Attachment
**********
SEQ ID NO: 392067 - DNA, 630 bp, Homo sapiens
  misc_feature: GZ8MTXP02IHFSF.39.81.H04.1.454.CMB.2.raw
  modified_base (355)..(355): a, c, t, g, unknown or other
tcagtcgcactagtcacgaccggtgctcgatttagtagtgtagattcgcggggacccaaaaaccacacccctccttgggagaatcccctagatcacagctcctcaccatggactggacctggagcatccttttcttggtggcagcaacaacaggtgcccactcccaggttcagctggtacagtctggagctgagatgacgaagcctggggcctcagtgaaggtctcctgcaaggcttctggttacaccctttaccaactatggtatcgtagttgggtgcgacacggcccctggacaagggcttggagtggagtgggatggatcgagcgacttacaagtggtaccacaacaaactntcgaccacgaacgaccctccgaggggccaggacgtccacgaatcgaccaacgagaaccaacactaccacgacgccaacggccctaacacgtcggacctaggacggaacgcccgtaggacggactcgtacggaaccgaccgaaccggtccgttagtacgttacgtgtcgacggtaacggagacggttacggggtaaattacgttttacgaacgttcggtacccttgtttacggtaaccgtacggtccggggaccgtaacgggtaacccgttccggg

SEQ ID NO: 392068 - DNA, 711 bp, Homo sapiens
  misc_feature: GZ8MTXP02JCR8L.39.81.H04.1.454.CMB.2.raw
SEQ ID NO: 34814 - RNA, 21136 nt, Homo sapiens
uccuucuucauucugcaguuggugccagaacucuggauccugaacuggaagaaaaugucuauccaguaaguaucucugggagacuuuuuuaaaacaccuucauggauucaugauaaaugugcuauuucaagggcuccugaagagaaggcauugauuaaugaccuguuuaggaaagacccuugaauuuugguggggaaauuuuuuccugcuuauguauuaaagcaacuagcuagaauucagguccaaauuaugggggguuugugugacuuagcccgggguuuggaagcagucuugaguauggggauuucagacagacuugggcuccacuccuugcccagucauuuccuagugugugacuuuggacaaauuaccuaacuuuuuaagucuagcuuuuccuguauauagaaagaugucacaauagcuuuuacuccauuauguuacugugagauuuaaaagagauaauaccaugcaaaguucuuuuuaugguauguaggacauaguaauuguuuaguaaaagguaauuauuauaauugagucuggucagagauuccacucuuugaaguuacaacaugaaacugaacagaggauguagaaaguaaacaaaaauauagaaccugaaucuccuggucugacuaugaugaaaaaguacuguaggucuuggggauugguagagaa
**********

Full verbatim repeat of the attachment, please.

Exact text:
SEQ ID NO: 392067 - DNA, 630 bp, Homo sapiens
  misc_feature: GZ8MTXP02IHFSF.39.81.H04.1.454.CMB.2.raw
  modified_base (355)..(355): a, c, t, g, unknown or other
tcagtcgcactagtcacgaccggtgctcgatttagtagtgtagattcgcggggacccaaaaaccacacccctccttgggagaatcccctagatcacagctcctcaccatggactggacctggagcatccttttcttggtggcagcaacaacaggtgcccactcccaggttcagctggtacagtctggagctgagatgacgaagcctggggcctcagtgaaggtctcctgcaaggcttctggttacaccctttaccaactatggtatcgtagttgggtgcgacacggcccctggacaagggcttggagtggagtgggatggatcgagcgacttacaagtggtaccacaacaaactntcgaccacgaacgaccctccgaggggccaggacgtccacgaatcgaccaacgagaaccaacactaccacgacgccaacggccctaacacgtcggacctaggacggaacgcccgtaggacggactcgtacggaaccgaccgaaccggtccgttagtacgttacgtgtcgacggtaacggagacggttacggggtaaattacgttttacgaacgttcggtacccttgtttacggtaaccgtacggtccggggaccgtaacgggtaacccgttccggg

SEQ ID NO: 392068 - DNA, 711 bp, Homo sapiens
  misc_feature: GZ8MTXP02JCR8L.39.81.H04.1.454.CMB.2.raw
SEQ ID NO: 34814 - RNA, 21136 nt, Homo sapiens
uccuucuucauucugcaguuggugccagaacucuggauccugaacuggaagaaaaugucuauccaguaaguaucucugggagacuuuuuuaaaacaccuucauggauucaugauaaaugugcuauuucaagggcuccugaagagaaggcauugauuaaugaccuguuuaggaaagacccuugaauuuugguggggaaauuuuuuccugcuuauguauuaaagcaacuagcuagaauucagguccaaauuaugggggguuugugugacuuagcccgggguuuggaagcagucuugaguauggggauuucagacagacuugggcuccacuccuugcccagucauuuccuagugugugacuuuggacaaauuaccuaacuuuuuaagucuagcuuuuccuguauauagaaagaugucacaauagcuuuuacuccauuauguuacugugagauuuaaaagagauaauaccaugcaaaguucuuuuuaugguauguaggacauaguaauuguuuaguaaaagguaauuauuauaauugagucuggucagagauuccacucuuugaaguuacaacaugaaacugaacagaggauguagaaaguaaacaaaaauauagaaccugaaucuccuggucugacuaugaugaaaaaguacuguaggucuuggggauugguagagaa